Baker, MK and Kennedy, DJ and Bohle, P and Campbell, D and Wiltshire, JH and Singh, MAF, Core self-evaluation as a predictor of strength training adoption in older adults, Maturitas: International Journal for The Study of The Climacteric, 68, (1) ISSN 0378-5122 (2011) [Refereed Article]
Copyright 2010 Elsevier Ireland Ltd.
Objective Progressive resistance training (PRT) counteracts sarcopenia and has been demonstrated to improve physical function and quality of life in older adults. Despite the clear benefits of PRT, participation remains low. The core self-evaluation (CSE) construct is theoretically antecedent to four personality traits: locus of control, self-esteem, neuroticism (emotional stability), and generalized self-efficacy. We have examined the association of CSE with exercise adoption among older adults invited to participate in a PRT trial. We hypothesized that CSE would positively predict adoption of PRT.
Study design All residents of two retirement communities were invited to complete questionnaires with items on demographics, physical activity, CSE, and general health. Following completion of questionnaires, residents were invited to take part in an on-site, 10-week randomized controlled trial of a PRT-based exercise trial.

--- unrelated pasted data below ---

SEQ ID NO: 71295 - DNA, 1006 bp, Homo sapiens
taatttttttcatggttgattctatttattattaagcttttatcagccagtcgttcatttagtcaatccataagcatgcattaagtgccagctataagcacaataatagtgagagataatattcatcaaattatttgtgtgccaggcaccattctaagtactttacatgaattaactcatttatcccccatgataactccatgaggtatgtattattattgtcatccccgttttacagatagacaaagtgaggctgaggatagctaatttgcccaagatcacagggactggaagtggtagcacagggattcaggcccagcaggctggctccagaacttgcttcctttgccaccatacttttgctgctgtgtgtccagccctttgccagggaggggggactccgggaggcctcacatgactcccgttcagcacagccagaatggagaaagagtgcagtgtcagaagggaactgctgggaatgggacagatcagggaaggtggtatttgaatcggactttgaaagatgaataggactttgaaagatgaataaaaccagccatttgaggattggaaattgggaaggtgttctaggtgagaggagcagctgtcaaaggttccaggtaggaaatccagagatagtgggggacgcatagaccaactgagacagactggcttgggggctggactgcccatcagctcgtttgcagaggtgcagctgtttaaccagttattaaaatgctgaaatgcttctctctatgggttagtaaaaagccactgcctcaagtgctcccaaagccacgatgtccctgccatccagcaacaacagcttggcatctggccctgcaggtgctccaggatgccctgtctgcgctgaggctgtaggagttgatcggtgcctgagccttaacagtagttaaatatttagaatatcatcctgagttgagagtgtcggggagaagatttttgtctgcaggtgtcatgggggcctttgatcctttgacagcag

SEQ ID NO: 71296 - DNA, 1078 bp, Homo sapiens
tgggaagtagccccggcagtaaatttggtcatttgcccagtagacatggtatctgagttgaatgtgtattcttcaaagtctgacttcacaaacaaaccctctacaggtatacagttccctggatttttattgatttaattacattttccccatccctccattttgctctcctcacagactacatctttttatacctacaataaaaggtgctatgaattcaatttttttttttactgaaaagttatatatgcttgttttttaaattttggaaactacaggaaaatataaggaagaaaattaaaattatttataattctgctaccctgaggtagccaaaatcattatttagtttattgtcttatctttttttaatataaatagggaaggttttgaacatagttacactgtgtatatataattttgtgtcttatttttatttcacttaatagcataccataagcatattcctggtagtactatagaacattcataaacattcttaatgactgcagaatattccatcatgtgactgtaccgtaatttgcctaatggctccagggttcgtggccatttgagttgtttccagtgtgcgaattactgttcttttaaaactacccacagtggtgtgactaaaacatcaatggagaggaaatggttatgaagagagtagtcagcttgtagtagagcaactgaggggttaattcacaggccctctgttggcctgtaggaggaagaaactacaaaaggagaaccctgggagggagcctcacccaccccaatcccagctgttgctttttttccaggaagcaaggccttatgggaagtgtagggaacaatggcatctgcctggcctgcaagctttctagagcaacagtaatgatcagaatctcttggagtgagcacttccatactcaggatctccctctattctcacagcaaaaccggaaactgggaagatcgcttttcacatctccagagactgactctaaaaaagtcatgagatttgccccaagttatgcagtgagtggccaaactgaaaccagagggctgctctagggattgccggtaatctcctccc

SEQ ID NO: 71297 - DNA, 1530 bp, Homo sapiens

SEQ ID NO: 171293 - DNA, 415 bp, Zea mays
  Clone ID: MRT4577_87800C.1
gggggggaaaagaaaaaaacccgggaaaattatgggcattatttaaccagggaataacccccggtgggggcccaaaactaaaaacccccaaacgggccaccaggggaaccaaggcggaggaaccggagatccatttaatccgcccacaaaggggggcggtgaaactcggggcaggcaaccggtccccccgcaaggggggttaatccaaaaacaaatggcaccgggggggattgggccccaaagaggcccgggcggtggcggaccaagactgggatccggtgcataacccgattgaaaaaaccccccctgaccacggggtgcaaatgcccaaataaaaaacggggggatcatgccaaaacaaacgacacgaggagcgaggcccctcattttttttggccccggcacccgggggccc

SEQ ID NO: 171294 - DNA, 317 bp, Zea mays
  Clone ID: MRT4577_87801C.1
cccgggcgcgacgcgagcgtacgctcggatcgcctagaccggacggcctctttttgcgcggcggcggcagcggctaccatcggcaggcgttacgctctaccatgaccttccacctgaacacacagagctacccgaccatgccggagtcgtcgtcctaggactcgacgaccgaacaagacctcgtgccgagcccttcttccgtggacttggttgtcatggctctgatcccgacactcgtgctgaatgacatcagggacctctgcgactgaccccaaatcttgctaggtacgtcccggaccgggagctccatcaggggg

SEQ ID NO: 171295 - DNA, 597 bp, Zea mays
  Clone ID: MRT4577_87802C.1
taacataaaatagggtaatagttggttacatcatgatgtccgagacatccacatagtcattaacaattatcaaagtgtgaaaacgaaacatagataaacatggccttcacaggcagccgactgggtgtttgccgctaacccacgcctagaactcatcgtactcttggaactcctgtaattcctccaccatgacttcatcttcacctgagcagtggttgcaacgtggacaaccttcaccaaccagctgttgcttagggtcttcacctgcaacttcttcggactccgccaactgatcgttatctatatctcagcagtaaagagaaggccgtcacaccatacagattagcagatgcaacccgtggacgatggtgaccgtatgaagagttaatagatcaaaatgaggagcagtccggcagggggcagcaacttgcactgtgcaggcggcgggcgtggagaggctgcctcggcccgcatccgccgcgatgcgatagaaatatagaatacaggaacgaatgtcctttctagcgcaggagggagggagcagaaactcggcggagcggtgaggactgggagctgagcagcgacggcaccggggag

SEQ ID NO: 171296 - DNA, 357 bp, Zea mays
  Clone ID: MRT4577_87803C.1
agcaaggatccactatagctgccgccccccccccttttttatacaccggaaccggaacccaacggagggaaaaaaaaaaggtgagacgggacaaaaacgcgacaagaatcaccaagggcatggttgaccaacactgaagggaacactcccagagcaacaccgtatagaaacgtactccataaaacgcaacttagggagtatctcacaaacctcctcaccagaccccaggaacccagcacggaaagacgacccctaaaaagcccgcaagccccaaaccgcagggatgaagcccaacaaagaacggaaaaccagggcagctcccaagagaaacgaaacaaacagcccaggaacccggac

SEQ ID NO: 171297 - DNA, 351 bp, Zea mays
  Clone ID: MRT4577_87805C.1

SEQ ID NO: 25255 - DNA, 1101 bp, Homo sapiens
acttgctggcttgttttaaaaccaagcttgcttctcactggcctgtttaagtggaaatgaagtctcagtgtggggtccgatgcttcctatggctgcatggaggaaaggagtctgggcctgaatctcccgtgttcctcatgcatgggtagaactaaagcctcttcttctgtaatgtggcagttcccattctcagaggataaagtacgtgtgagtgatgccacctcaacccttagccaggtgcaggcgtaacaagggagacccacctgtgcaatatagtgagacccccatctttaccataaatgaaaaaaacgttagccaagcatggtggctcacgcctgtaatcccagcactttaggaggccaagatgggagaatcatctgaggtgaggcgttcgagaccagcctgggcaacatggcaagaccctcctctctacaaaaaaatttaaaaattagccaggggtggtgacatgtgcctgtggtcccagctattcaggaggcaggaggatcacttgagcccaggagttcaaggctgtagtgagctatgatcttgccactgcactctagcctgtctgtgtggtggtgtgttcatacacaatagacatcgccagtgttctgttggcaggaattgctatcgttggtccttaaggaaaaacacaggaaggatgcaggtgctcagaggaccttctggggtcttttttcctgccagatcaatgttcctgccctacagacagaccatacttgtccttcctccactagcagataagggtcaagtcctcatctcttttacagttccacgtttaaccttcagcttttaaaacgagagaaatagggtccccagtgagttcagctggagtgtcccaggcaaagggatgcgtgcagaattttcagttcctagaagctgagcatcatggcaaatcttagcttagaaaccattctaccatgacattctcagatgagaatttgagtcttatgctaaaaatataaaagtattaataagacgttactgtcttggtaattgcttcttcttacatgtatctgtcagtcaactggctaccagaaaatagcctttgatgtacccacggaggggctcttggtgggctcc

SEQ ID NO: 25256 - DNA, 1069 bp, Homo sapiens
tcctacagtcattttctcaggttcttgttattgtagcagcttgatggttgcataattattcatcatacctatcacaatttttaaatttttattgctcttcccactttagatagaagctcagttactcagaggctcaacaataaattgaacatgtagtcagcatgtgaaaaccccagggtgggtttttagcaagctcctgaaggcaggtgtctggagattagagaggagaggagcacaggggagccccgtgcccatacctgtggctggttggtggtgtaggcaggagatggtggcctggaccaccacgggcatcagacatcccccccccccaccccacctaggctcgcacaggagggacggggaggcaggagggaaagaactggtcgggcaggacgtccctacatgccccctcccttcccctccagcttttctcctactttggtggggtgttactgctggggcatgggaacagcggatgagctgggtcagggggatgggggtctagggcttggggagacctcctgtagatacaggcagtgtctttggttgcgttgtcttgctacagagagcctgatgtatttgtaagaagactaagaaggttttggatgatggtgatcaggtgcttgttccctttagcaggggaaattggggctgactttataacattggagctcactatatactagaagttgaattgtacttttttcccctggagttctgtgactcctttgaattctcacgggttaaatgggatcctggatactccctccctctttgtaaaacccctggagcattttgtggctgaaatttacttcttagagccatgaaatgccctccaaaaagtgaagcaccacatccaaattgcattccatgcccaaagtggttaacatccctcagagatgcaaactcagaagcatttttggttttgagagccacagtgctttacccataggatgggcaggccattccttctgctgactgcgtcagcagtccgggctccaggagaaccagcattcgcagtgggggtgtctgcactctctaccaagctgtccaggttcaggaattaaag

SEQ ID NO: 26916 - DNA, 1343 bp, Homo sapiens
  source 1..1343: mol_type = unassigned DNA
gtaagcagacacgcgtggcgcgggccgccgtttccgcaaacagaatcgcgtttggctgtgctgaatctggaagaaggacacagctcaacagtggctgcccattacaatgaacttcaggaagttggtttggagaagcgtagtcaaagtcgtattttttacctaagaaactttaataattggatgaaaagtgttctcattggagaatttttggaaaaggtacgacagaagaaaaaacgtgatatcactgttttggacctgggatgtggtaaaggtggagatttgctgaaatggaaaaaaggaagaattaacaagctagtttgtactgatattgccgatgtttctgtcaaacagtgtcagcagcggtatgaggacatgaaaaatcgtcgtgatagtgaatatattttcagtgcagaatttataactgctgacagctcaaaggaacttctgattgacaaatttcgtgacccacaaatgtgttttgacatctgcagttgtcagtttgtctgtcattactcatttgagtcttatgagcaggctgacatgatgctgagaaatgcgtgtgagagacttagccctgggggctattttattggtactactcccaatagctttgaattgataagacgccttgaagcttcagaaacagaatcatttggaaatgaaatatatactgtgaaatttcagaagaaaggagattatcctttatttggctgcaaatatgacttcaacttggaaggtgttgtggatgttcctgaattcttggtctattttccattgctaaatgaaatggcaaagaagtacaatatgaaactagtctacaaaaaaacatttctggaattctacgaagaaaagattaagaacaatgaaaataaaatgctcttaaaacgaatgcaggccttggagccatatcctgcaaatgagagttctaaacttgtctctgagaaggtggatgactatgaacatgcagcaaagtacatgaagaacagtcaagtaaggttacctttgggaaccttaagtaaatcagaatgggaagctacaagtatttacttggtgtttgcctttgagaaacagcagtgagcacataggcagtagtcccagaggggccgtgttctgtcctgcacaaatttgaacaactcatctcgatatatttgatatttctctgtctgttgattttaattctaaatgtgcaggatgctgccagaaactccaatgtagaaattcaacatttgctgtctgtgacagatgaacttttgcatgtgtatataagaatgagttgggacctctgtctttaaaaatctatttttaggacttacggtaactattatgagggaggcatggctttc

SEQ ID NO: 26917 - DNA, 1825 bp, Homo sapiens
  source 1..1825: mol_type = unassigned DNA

Results Thirty-eight of 358 residents (63.2% women; 76.6 ± 6.1 year; range 58–92) enrolled and 118 residents completed the questionnaires. Multiple regression analysis predicting PRT adoption indicated that the demographic variables accounted for 38% of the variance. Inclusion of CSE (β = .405) accounted for an additional 10% of the variance in PRT adoption.
Conclusion CSE was predictive of PRT adoption in this cohort, adding significantly to the predictive efficacy of known demographic predictors. This is the first study to show that CSE may influence adoption of PRT in any cohort.
|Item Type:||Refereed Article|
|Keywords:||core self-evaluation, resistance training, exercise adoption|
|Research Division:||Commerce, Management, Tourism and Services|
|Research Group:||Strategy, management and organisational behaviour|
|Research Field:||Organisational behaviour|
|Objective Division:||Law, Politics and Community Services|
|Objective Group:||Work and labour market|
|Objective Field:||Workplace safety|
|UTAS Author:||Bohle, P (Professor Philip Bohle)|
|Web of Science® Times Cited:||3|
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